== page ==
Jesuits and their colleagues in the United States are committed to the integral development of students in Jesuit high schools. We know that this maturity involves well-grounded intellectual, moral, and religious development, and that in today's pluralistic world this too involves the ability to interact thoughtfully and maturely with people of other religious faiths, their beliefs, practices, and traditions. The High School Committee first compiled data on religious pluralism and interreligious dialogue in 2001-2002. In the summer of 2007 Carol Corgan conducted surveys and discussed religious pluralism at the JSEA meeting. At our annual fall meeting of 2007 the project was further revived and is headed by Carol Corgan email@example.com and Ray Bucko, S.J. firstname.lastname@example.org. We have undertaken four projects:
In order to expand participation in our discussion list and to more effectively gather data about religious pluralism in Jesuit school we have asked teachers in Jesuit high schools to recommend themselves and colleagues to join our discussion list and provide data. Our group is expanding gradually and we hope for fuller participation and to serve as a resource and network hub among the different Jesuit schools.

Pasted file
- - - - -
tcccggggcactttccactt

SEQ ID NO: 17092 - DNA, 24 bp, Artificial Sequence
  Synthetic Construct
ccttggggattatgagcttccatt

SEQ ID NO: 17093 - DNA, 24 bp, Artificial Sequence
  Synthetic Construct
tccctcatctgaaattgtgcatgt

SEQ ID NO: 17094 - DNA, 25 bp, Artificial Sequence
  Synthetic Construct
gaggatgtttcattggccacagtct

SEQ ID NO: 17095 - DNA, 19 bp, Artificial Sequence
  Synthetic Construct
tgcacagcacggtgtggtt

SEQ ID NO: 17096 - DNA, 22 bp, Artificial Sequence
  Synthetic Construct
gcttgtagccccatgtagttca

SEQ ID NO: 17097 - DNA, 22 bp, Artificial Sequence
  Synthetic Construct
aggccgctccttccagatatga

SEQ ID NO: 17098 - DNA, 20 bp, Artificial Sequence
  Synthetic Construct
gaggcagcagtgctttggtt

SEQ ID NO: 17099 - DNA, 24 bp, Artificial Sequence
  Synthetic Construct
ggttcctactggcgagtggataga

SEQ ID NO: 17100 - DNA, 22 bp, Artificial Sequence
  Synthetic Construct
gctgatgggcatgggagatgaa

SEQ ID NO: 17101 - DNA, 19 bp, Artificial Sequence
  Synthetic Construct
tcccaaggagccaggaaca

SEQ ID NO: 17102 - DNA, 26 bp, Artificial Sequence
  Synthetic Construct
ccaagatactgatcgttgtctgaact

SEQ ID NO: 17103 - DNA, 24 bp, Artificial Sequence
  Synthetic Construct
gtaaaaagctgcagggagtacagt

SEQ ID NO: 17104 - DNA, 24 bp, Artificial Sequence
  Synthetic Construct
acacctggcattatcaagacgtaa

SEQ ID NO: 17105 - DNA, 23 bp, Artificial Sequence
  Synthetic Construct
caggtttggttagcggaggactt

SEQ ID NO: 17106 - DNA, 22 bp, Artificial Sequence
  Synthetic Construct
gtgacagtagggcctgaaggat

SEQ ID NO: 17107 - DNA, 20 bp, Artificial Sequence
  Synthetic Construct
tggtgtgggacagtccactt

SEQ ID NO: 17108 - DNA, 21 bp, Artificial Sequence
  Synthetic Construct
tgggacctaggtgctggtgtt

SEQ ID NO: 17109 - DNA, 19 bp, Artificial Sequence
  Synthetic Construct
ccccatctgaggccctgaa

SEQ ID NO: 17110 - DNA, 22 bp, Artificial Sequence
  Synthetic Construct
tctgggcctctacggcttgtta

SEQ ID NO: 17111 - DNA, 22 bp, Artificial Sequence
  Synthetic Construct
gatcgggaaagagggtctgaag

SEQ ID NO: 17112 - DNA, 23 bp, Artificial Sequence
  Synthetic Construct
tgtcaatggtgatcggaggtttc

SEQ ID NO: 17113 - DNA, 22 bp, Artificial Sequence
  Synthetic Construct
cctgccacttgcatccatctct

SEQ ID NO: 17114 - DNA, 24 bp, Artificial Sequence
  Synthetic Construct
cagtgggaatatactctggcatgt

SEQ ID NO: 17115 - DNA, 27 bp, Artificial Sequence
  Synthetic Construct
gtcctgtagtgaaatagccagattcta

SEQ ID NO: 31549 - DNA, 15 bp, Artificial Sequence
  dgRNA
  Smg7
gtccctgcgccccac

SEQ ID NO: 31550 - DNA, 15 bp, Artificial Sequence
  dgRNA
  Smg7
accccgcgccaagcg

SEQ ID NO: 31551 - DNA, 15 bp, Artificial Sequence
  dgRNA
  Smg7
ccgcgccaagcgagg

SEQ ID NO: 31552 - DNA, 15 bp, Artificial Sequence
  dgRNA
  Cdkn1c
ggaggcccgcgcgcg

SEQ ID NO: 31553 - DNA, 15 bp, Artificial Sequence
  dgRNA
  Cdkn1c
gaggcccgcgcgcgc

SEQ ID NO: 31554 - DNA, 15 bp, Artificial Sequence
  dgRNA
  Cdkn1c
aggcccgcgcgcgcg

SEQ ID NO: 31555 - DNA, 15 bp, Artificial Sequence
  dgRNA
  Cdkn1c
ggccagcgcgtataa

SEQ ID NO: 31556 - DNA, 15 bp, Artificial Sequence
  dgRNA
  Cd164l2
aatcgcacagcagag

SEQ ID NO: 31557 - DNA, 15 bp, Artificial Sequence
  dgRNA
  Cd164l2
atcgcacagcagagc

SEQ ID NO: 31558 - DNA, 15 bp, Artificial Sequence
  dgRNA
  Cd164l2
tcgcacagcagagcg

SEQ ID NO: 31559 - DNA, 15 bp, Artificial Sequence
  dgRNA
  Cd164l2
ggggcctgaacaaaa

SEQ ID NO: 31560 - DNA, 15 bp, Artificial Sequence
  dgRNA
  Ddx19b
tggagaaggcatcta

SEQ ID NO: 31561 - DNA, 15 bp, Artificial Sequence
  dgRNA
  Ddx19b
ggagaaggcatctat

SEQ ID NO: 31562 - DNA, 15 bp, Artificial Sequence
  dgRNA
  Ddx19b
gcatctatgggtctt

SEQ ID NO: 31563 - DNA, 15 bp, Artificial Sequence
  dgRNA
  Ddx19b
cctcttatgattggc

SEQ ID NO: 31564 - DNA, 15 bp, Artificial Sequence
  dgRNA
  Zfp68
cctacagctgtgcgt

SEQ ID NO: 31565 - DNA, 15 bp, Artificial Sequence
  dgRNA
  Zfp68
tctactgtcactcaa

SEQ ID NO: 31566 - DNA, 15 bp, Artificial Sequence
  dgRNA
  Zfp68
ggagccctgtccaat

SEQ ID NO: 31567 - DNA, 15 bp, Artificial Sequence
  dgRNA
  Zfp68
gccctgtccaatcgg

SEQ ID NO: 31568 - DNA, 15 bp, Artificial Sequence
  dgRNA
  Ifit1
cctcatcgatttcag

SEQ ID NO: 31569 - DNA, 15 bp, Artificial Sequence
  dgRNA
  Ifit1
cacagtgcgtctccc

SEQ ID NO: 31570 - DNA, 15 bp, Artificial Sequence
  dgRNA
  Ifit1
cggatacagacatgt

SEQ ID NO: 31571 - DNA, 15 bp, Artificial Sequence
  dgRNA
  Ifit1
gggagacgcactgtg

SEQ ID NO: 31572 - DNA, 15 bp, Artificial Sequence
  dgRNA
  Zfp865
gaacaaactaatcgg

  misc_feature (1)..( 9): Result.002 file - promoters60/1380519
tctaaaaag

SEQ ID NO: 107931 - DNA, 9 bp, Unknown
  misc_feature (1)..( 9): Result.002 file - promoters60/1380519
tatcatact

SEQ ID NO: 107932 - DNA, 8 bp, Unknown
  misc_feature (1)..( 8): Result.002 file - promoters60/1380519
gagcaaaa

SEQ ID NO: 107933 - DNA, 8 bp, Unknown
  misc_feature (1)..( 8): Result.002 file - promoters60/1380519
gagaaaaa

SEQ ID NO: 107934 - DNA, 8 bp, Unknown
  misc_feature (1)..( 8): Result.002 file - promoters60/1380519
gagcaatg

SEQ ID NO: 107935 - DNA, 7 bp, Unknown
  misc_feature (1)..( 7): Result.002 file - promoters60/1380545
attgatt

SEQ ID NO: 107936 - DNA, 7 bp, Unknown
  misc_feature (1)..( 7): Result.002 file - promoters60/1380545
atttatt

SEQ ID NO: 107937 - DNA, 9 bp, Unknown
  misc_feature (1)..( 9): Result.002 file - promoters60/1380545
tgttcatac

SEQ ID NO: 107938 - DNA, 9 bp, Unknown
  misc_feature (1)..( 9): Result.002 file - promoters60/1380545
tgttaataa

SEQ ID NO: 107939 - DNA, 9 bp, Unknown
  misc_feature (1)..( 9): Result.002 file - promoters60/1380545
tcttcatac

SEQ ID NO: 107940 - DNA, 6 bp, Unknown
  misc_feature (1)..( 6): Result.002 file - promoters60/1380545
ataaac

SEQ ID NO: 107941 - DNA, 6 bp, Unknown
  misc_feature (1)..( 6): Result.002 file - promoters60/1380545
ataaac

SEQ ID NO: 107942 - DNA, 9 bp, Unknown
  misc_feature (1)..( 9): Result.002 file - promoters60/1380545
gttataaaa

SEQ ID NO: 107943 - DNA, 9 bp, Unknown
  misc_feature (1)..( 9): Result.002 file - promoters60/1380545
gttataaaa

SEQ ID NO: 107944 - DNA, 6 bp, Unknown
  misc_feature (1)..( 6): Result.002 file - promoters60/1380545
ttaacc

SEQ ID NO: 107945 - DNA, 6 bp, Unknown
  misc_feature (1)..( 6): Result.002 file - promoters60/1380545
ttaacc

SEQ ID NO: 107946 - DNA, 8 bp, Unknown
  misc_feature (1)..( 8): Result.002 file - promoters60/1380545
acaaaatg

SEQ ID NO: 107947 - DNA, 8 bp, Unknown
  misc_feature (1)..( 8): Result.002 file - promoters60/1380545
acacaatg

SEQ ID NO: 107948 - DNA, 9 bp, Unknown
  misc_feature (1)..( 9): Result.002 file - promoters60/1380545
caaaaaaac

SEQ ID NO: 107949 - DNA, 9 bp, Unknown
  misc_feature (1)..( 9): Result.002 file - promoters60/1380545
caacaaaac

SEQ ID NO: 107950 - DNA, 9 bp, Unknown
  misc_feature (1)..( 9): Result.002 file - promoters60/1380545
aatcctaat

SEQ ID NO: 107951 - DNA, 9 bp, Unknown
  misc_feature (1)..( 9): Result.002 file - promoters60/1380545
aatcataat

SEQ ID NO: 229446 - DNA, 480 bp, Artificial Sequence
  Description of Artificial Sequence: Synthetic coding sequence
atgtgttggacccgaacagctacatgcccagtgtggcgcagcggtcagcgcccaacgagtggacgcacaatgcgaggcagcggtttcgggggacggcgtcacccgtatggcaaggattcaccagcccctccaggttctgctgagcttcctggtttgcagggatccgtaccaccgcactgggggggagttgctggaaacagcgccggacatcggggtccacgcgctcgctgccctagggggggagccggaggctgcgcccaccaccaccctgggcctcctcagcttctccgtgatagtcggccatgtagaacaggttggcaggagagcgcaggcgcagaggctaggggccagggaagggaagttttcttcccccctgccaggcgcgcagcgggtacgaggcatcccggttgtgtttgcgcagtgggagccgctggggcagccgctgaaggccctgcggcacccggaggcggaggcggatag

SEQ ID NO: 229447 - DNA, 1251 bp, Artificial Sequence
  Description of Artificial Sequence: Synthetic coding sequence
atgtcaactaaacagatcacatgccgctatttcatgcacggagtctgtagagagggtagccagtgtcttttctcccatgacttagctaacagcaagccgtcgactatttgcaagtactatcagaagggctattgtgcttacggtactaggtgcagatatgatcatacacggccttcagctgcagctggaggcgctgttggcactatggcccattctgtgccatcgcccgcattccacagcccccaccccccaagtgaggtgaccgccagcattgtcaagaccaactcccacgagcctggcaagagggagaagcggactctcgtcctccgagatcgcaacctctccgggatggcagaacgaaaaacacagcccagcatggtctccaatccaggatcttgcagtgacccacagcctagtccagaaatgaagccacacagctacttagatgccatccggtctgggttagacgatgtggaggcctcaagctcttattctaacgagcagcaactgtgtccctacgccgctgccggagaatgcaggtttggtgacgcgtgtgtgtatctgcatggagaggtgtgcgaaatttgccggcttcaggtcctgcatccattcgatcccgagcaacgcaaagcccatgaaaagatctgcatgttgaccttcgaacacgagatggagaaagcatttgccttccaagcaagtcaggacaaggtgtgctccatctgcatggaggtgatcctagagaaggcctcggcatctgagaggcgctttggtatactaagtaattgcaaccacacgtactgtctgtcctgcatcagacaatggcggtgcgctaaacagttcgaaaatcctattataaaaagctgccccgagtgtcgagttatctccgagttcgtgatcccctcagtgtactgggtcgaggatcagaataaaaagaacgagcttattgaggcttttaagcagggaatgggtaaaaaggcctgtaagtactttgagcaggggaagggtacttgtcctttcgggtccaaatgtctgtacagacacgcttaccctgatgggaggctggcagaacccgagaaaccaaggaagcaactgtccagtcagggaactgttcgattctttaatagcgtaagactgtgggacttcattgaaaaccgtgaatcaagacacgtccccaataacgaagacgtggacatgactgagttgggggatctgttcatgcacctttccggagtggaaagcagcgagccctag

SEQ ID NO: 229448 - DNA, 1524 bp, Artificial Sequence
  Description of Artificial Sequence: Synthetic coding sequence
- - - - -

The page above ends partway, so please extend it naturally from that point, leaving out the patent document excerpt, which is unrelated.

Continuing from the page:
Our committee sponsors a discussion list for teachers and administrators at Jesuit high schools interested in issues of religious pluralism, teaching about other religions, and interreligious dialogue in Jesuit high schools. Any employee of a Jesuit high school is welcome to join this list. Please contact email@example.com for information.
Guides to Teaching Religious Pluralism in Jesuit High Schools:
We have begun updating a chart showing each Jesuit High School and indicating their courses related to interreligious dialogue taught at Jesuit Institutions. Our hope is that this guide will serve as a resource for others at Jesuit schools and elsewhere interested in teaching about different religions on a high school level.
Religious Pluralism and Campus Ministry:
In 2001 Frank Clooney, S.J. sent letters to the campus minister(s) at each Jesuit high school to ask how religious pluralism is incorporated into the life of the school. He received 11 replies which are now quite dated. We plan in the future once our grass roots network is stronger to revive this project and ask campus ministers about religious pluralism and their ministry at the schools.
Survey on Religious Pluralism:
Once our network is stronger we also plan to conduct a survey to better portray the realities of religious pluralism at Jesuit High Schools. We we ask demographic questions about the religious makeup of our schools including faculty and staff, students and the surrounding region, teaching about religious pluralism (already partly covered in our guide), and best practices among the schools that have helped advance interreligious understanding and dialogue.